It’s also a little gritty from the coconut sugar and spices, which provides a nice contrast to how soft and moist the rest of the cake is. Trust me, it’s good. I also do this thing where I don’t blend the frosting completely because I like some crunch from the cashew base. That’s a personal preference, though.
The cake lasts well either at room temperature or in the fridge (if you don’t eat it all in one sitting). I actually preferred it cold out of the fridge, though. On the other hand, my sister liked it heated up in the microwave the day after. Basically, you can go either way. If you want the frosting to be hard, I’d recommend storing it in the fridge.
Also, I highly recommend dolloping some vanilla ice cream on top if you have it. So good.
If you like eggnog, you’ll love this. If you don’t eat dairy, then you can still join in on the fun. I know that Christmas is over, but eggnog season doesn’t have to be! This cake was too yummy not to post. I mean, the second I finished it, I immediately made another.
Eggnog Spice Cake (Paleo / Vegan / Gluten-Free)
Total Time: 1 hour 10 minutes
- 1 cup coconut flour
- 1.5 cups almond flour
- 1/4 cup arrowroot starch
- 1.5 tsp baking soda
- 1/2 cup coconut sugar
- 1/4 tsp pink Himalayan salt or Celtic sea salt
- 1.5 tsp coconut vinegar (or ACV)
- 1/4 cup melted coconut oil
- 1/4 cup maple syrup
- 1 tsp vanilla extract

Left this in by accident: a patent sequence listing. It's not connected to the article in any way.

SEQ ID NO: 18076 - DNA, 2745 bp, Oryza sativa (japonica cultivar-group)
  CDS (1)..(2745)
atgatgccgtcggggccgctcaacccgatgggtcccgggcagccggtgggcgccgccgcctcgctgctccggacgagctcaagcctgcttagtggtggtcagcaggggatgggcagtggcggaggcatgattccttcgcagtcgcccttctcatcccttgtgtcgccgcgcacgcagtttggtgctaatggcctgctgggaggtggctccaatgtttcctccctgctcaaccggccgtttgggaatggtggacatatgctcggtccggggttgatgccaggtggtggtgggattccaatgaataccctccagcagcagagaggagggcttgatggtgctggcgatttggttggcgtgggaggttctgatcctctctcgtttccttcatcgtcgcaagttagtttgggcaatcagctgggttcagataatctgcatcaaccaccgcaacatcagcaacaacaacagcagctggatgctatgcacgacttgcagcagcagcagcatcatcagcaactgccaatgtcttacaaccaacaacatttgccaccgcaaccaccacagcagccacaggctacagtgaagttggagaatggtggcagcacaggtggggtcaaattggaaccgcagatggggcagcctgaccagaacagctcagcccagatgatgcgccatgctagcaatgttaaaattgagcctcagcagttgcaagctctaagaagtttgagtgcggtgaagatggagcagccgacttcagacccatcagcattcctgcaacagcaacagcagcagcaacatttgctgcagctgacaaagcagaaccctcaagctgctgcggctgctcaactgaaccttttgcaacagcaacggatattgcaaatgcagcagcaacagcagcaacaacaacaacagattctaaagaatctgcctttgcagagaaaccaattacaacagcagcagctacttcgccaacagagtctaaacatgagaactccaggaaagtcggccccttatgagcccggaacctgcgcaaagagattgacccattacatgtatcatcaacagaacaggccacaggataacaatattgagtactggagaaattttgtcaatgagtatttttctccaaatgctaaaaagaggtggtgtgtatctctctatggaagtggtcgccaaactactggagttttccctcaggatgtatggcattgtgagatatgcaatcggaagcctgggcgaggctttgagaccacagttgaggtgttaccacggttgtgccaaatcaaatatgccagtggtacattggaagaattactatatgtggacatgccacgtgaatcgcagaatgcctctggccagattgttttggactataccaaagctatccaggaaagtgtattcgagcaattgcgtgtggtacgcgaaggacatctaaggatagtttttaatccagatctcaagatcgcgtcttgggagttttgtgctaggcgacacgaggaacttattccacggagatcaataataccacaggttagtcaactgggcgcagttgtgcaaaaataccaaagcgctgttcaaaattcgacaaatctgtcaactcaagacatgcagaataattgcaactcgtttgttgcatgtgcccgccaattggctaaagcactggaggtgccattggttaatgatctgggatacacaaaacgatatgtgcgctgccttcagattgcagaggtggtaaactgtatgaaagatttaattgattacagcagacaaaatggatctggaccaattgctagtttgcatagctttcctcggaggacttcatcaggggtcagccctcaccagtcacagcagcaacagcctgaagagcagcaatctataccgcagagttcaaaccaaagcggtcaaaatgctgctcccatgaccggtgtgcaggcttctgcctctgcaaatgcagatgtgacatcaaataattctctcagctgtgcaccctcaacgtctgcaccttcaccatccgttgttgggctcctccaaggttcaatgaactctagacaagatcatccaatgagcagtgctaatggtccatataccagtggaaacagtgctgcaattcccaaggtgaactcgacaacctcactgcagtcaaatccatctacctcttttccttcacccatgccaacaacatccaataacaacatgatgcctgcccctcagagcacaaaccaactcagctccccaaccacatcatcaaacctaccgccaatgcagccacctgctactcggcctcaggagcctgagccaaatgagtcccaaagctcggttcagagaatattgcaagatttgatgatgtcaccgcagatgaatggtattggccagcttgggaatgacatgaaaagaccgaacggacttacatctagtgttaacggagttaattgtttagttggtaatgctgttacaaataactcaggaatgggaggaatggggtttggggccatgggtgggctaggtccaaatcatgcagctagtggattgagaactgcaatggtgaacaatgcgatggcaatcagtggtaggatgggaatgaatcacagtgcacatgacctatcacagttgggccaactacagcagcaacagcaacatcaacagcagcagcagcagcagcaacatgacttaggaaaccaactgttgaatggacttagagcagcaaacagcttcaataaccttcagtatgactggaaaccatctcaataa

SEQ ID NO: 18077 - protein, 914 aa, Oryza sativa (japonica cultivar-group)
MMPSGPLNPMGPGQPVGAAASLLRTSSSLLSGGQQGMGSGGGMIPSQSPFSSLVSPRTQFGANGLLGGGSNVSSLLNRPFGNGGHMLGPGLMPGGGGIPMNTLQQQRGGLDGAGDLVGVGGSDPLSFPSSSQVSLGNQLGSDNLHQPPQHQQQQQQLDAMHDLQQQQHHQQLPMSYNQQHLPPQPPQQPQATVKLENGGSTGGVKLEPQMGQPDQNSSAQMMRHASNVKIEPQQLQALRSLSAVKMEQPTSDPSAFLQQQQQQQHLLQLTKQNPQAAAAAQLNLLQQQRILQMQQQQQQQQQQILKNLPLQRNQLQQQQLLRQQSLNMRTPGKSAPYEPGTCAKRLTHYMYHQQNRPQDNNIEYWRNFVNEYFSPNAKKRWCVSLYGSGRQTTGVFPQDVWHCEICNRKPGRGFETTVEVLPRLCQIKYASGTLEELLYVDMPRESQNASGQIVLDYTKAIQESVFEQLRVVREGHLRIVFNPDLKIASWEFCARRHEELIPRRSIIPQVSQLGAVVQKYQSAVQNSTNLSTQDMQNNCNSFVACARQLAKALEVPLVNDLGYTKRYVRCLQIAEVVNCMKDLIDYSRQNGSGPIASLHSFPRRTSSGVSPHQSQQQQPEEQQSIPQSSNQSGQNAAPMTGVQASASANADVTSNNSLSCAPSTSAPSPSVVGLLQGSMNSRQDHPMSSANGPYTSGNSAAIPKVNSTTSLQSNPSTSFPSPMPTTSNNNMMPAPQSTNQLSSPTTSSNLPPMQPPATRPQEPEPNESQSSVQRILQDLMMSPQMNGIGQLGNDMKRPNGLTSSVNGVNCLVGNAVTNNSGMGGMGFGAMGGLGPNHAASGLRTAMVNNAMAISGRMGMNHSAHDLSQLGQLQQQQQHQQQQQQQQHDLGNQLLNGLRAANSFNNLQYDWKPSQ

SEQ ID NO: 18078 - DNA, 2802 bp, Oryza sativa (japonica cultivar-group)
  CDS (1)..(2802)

- 1 tsp cinnamon
- 1 tsp nutmeg
- 1/2 tsp cloves
- 1 cup vegan eggnog (ingredients: 1/2 cup cashews, 3 dates, 1 can coconut milk, 1 tsp coconut oil, 1/2 tsp vanilla extract, 1/4 tsp cinnamon, 1/8 tsp nutmeg, 1/8 tsp pink Himalayan salt)
- 2 cups filtered water
- 1 2/3 cup raw cashews (soak them beforehand in filtered water for a few hours if you can)
- 1/2 cup coconut oil
- 1/3 cup maple syrup
- 1 tsp vanilla extract
- 1/3 cup vegan eggnog
- 1 tsp cinnamon
- 1/2 tsp nutmeg
- 1/2 tsp cloves
- Preheat your oven to 350*F. Line two round 9-inch cake pans with parchment paper.
- Make your vegan eggnog. (Instructions are found on Sapana’s site. If you have another recipe for eggnog, feel free to use it. This is the only vegan eggnog recipe I’ve tried, though, so I can’t guarantee how it will turn out!)
- Add all of the cake ingredients into a large bowl and mix them together thoroughly.
- Pour half the batter into the parchment paper of one cake pan, and pour the other half into the parchment paper of the other cake pan. Spread out the batter so it fits the circular shape.
- Cook the cakes for about 40-45 minutes, until there are cracks in the tops of the cakes and a toothpick comes out clean.
- While the cakes are cooking, make the frosting.
- After the cakes are done cooking, allow them to cool for about 20 minutes.
- Carefully lift the parchment paper out of the pan and flip the cake onto a plate or cake platter. Be very careful when handling the cake! It’s dense and thin, and you don’t want it to break. Hold the side of the cake that is not touching the parchment paper with your free hand, and flip it quickly.
- Frost the top of the first cake layer.
- Carefully lift the parchment paper out of the second pan and repeat the same process to flip the second layer onto the first. Frost the top of the second layer, and then frost the sides of the cake. Sprinkle the top with cinnamon.
- Slice and enjoy!
- You can store leftovers covered in plastic wrap either at room temperature or in the fridge, but I prefer it stored in the fridge so that the frosting stays firmer!
- Add all frosting ingredients to a food processor and process until everything is thoroughly combined.
- Place the frosting in the fridge until you’re ready to frost the cake.
Who else loves eggnog?! If you try this recipe, be sure to tag me in any photos and let me know what you think!